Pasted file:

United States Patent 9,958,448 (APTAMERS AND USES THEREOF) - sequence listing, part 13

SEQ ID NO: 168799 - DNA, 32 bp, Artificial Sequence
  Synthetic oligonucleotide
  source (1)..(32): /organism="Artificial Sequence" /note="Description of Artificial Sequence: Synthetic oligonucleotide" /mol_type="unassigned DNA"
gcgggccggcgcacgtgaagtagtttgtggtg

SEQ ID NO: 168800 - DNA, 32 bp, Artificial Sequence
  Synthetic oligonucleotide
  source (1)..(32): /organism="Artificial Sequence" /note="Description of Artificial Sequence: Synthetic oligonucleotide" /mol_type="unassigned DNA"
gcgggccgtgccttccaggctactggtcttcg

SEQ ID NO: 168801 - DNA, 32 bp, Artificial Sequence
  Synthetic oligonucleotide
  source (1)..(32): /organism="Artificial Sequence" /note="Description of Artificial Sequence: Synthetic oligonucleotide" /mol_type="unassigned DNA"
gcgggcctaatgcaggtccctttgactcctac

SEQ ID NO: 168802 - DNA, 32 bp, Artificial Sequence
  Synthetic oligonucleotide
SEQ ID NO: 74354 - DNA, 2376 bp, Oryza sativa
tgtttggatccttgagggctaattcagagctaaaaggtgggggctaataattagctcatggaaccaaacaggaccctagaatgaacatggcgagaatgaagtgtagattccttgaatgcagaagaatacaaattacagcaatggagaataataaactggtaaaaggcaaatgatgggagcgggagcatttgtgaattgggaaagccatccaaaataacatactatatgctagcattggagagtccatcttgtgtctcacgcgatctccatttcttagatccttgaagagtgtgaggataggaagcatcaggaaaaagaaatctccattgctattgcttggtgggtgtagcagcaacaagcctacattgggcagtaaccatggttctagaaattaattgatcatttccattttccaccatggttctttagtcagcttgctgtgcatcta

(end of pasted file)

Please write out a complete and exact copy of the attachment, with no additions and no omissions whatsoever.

United States Patent 9,958,448 (APTAMERS AND USES THEREOF) - sequence listing, part 13

SEQ ID NO: 168799 - DNA, 32 bp, Artificial Sequence
  Synthetic oligonucleotide
  source (1)..(32): /organism="Artificial Sequence" /note="Description of Artificial Sequence: Synthetic oligonucleotide" /mol_type="unassigned DNA"
gcgggccggcgcacgtgaagtagtttgtggtg

SEQ ID NO: 168800 - DNA, 32 bp, Artificial Sequence
  Synthetic oligonucleotide
  source (1)..(32): /organism="Artificial Sequence" /note="Description of Artificial Sequence: Synthetic oligonucleotide" /mol_type="unassigned DNA"
gcgggccgtgccttccaggctactggtcttcg

SEQ ID NO: 168801 - DNA, 32 bp, Artificial Sequence
  Synthetic oligonucleotide
  source (1)..(32): /organism="Artificial Sequence" /note="Description of Artificial Sequence: Synthetic oligonucleotide" /mol_type="unassigned DNA"
gcgggcctaatgcaggtccctttgactcctac

SEQ ID NO: 168802 - DNA, 32 bp, Artificial Sequence
  Synthetic oligonucleotide
SEQ ID NO: 74354 - DNA, 2376 bp, Oryza sativa
tgtttggatccttgagggctaattcagagctaaaaggtgggggctaataattagctcatggaaccaaacaggaccctagaatgaacatggcgagaatgaagtgtagattccttgaatgcagaagaatacaaattacagcaatggagaataataaactggtaaaaggcaaatgatgggagcgggagcatttgtgaattgggaaagccatccaaaataacatactatatgctagcattggagagtccatcttgtgtctcacgcgatctccatttcttagatccttgaagagtgtgaggataggaagcatcaggaaaaagaaatctccattgctattgcttggtgggtgtagcagcaacaagcctacattgggcagtaaccatggttctagaaattaattgatcatttccattttccaccatggttctttagtcagcttgctgtgcatcta